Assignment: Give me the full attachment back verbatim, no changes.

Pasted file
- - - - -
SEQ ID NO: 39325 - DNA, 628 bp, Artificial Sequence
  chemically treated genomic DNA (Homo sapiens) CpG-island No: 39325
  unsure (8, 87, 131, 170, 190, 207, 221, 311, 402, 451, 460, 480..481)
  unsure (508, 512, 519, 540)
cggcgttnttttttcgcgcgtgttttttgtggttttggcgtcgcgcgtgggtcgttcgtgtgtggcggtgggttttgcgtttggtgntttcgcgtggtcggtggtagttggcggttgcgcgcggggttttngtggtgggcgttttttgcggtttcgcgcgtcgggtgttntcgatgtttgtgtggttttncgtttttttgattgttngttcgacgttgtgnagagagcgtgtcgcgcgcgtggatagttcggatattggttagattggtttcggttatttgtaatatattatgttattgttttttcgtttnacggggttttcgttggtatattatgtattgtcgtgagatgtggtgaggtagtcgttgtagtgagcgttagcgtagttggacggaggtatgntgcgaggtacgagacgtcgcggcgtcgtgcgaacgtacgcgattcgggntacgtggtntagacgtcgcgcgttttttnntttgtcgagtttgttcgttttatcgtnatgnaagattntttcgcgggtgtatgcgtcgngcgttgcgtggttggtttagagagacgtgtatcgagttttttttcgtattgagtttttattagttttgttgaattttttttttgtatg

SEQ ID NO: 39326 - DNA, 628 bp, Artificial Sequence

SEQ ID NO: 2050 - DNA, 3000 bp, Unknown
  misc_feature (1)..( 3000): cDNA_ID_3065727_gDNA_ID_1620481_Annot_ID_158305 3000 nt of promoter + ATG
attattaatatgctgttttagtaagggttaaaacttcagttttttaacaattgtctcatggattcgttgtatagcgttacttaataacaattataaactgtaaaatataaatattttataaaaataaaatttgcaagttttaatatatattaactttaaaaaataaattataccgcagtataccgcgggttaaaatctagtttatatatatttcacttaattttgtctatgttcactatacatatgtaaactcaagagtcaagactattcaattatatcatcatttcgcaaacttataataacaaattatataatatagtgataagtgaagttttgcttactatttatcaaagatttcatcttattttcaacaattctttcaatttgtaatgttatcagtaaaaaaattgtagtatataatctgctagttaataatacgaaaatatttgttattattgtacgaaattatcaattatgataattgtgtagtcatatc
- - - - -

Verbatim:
SEQ ID NO: 39325 - DNA, 628 bp, Artificial Sequence
  chemically treated genomic DNA (Homo sapiens) CpG-island No: 39325
  unsure (8, 87, 131, 170, 190, 207, 221, 311, 402, 451, 460, 480..481)
  unsure (508, 512, 519, 540)
cggcgttnttttttcgcgcgtgttttttgtggttttggcgtcgcgcgtgggtcgttcgtgtgtggcggtgggttttgcgtttggtgntttcgcgtggtcggtggtagttggcggttgcgcgcggggttttngtggtgggcgttttttgcggtttcgcgcgtcgggtgttntcgatgtttgtgtggttttncgtttttttgattgttngttcgacgttgtgnagagagcgtgtcgcgcgcgtggatagttcggatattggttagattggtttcggttatttgtaatatattatgttattgttttttcgtttnacggggttttcgttggtatattatgtattgtcgtgagatgtggtgaggtagtcgttgtagtgagcgttagcgtagttggacggaggtatgntgcgaggtacgagacgtcgcggcgtcgtgcgaacgtacgcgattcgggntacgtggtntagacgtcgcgcgttttttnntttgtcgagtttgttcgttttatcgtnatgnaagattntttcgcgggtgtatgcgtcgngcgttgcgtggttggtttagagagacgtgtatcgagttttttttcgtattgagtttttattagttttgttgaattttttttttgtatg

SEQ ID NO: 39326 - DNA, 628 bp, Artificial Sequence

SEQ ID NO: 2050 - DNA, 3000 bp, Unknown
  misc_feature (1)..( 3000): cDNA_ID_3065727_gDNA_ID_1620481_Annot_ID_158305 3000 nt of promoter + ATG
attattaatatgctgttttagtaagggttaaaacttcagttttttaacaattgtctcatggattcgttgtatagcgttacttaataacaattataaactgtaaaatataaatattttataaaaataaaatttgcaagttttaatatatattaactttaaaaaataaattataccgcagtataccgcgggttaaaatctagtttatatatatttcacttaattttgtctatgttcactatacatatgtaaactcaagagtcaagactattcaattatatcatcatttcgcaaacttataataacaaattatataatatagtgataagtgaagttttgcttactatttatcaaagatttcatcttattttcaacaattctttcaatttgtaatgttatcagtaaaaaaattgtagtatataatctgctagttaataatacgaaaatatttgttattattgtacgaaattatcaattatgataattgtgtagtcatatc